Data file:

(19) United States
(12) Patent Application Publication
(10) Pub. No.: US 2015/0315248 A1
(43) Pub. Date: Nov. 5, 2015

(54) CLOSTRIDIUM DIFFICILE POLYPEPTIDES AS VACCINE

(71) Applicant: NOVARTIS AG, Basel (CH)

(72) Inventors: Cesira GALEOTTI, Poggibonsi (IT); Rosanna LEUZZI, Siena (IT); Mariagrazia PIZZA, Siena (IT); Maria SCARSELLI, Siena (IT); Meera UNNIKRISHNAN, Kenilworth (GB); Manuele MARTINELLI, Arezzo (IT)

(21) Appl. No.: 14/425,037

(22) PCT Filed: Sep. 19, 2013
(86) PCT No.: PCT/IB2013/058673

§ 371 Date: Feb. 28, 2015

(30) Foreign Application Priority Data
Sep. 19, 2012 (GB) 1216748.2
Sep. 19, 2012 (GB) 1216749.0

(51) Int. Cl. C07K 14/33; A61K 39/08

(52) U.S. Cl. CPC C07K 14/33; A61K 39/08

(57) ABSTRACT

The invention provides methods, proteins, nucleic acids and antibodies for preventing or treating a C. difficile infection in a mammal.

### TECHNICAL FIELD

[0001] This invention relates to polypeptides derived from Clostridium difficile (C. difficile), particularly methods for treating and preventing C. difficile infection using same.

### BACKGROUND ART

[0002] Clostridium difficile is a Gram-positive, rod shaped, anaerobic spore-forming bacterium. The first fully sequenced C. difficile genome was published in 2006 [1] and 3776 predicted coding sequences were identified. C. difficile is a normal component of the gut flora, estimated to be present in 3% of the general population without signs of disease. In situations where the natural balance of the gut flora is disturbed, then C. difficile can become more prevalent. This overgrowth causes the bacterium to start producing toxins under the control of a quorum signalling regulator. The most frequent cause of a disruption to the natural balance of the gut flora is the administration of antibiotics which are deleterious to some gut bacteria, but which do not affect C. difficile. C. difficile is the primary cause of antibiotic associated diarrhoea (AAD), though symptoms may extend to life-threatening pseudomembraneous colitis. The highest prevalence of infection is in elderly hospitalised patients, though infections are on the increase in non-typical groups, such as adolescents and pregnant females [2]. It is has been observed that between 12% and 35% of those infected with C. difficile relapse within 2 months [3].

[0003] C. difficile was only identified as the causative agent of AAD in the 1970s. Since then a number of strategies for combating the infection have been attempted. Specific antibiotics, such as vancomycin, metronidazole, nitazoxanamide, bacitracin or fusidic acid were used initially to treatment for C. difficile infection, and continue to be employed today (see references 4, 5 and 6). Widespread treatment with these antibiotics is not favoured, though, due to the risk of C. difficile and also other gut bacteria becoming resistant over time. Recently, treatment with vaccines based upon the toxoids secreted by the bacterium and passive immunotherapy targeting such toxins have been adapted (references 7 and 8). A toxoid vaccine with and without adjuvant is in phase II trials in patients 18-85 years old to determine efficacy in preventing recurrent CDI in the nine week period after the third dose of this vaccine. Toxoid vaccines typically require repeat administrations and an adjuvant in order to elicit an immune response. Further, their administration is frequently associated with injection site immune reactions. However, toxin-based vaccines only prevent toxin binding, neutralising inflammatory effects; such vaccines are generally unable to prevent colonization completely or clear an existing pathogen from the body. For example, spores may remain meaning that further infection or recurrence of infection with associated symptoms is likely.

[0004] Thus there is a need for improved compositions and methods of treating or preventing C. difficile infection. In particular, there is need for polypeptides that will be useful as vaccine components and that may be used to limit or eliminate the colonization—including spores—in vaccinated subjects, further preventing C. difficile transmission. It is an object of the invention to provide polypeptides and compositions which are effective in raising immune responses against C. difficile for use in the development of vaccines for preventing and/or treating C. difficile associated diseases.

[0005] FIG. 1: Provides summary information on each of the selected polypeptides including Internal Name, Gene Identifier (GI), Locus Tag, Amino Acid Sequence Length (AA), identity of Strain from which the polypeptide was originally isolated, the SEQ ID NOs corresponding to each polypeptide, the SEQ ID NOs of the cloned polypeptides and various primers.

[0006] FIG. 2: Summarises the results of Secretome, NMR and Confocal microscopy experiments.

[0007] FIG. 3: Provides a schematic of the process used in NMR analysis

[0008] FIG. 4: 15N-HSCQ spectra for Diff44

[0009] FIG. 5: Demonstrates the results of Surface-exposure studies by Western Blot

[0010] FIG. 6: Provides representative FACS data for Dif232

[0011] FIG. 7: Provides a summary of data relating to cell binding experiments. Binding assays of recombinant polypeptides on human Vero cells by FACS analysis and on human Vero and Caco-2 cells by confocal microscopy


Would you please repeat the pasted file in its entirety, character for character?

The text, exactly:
(19) United States
(12) Patent Application Publication
(10) Pub. No.: US 2015/0315248 A1
(43) Pub. Date: Nov. 5, 2015

(54) CLOSTRIDIUM DIFFICILE POLYPEPTIDES AS VACCINE

(71) Applicant: NOVARTIS AG, Basel (CH)

(72) Inventors: Cesira GALEOTTI, Poggibonsi (IT); Rosanna LEUZZI, Siena (IT); Mariagrazia PIZZA, Siena (IT); Maria SCARSELLI, Siena (IT); Meera UNNIKRISHNAN, Kenilworth (GB); Manuele MARTINELLI, Arezzo (IT)

(21) Appl. No.: 14/425,037

(22) PCT Filed: Sep. 19, 2013
(86) PCT No.: PCT/IB2013/058673

§ 371 Date: Feb. 28, 2015

(30) Foreign Application Priority Data
Sep. 19, 2012 (GB) 1216748.2
Sep. 19, 2012 (GB) 1216749.0

(51) Int. Cl. C07K 14/33; A61K 39/08

(52) U.S. Cl. CPC C07K 14/33; A61K 39/08

(57) ABSTRACT

The invention provides methods, proteins, nucleic acids and antibodies for preventing or treating a C. difficile infection in a mammal.

### TECHNICAL FIELD

[0001] This invention relates to polypeptides derived from Clostridium difficile (C. difficile), particularly methods for treating and preventing C. difficile infection using same.

### BACKGROUND ART

[0002] Clostridium difficile is a Gram-positive, rod shaped, anaerobic spore-forming bacterium. The first fully sequenced C. difficile genome was published in 2006 [1] and 3776 predicted coding sequences were identified. C. difficile is a normal component of the gut flora, estimated to be present in 3% of the general population without signs of disease. In situations where the natural balance of the gut flora is disturbed, then C. difficile can become more prevalent. This overgrowth causes the bacterium to start producing toxins under the control of a quorum signalling regulator. The most frequent cause of a disruption to the natural balance of the gut flora is the administration of antibiotics which are deleterious to some gut bacteria, but which do not affect C. difficile. C. difficile is the primary cause of antibiotic associated diarrhoea (AAD), though symptoms may extend to life-threatening pseudomembraneous colitis. The highest prevalence of infection is in elderly hospitalised patients, though infections are on the increase in non-typical groups, such as adolescents and pregnant females [2]. It is has been observed that between 12% and 35% of those infected with C. difficile relapse within 2 months [3].

[0003] C. difficile was only identified as the causative agent of AAD in the 1970s. Since then a number of strategies for combating the infection have been attempted. Specific antibiotics, such as vancomycin, metronidazole, nitazoxanamide, bacitracin or fusidic acid were used initially to treatment for C. difficile infection, and continue to be employed today (see references 4, 5 and 6). Widespread treatment with these antibiotics is not favoured, though, due to the risk of C. difficile and also other gut bacteria becoming resistant over time. Recently, treatment with vaccines based upon the toxoids secreted by the bacterium and passive immunotherapy targeting such toxins have been adapted (references 7 and 8). A toxoid vaccine with and without adjuvant is in phase II trials in patients 18-85 years old to determine efficacy in preventing recurrent CDI in the nine week period after the third dose of this vaccine. Toxoid vaccines typically require repeat administrations and an adjuvant in order to elicit an immune response. Further, their administration is frequently associated with injection site immune reactions. However, toxin-based vaccines only prevent toxin binding, neutralising inflammatory effects; such vaccines are generally unable to prevent colonization completely or clear an existing pathogen from the body. For example, spores may remain meaning that further infection or recurrence of infection with associated symptoms is likely.

[0004] Thus there is a need for improved compositions and methods of treating or preventing C. difficile infection. In particular, there is need for polypeptides that will be useful as vaccine components and that may be used to limit or eliminate the colonization—including spores—in vaccinated subjects, further preventing C. difficile transmission. It is an object of the invention to provide polypeptides and compositions which are effective in raising immune responses against C. difficile for use in the development of vaccines for preventing and/or treating C. difficile associated diseases.

[0005] FIG. 1: Provides summary information on each of the selected polypeptides including Internal Name, Gene Identifier (GI), Locus Tag, Amino Acid Sequence Length (AA), identity of Strain from which the polypeptide was originally isolated, the SEQ ID NOs corresponding to each polypeptide, the SEQ ID NOs of the cloned polypeptides and various primers.

[0006] FIG. 2: Summarises the results of Secretome, NMR and Confocal microscopy experiments.

[0007] FIG. 3: Provides a schematic of the process used in NMR analysis

[0008] FIG. 4: 15N-HSCQ spectra for Diff44

[0009] FIG. 5: Demonstrates the results of Surface-exposure studies by Western Blot

[0010] FIG. 6: Provides representative FACS data for Dif232

[0011] FIG. 7: Provides a summary of data relating to cell binding experiments. Binding assays of recombinant polypeptides on human Vero cells by FACS analysis and on human Vero and Caco-2 cells by confocal microscopy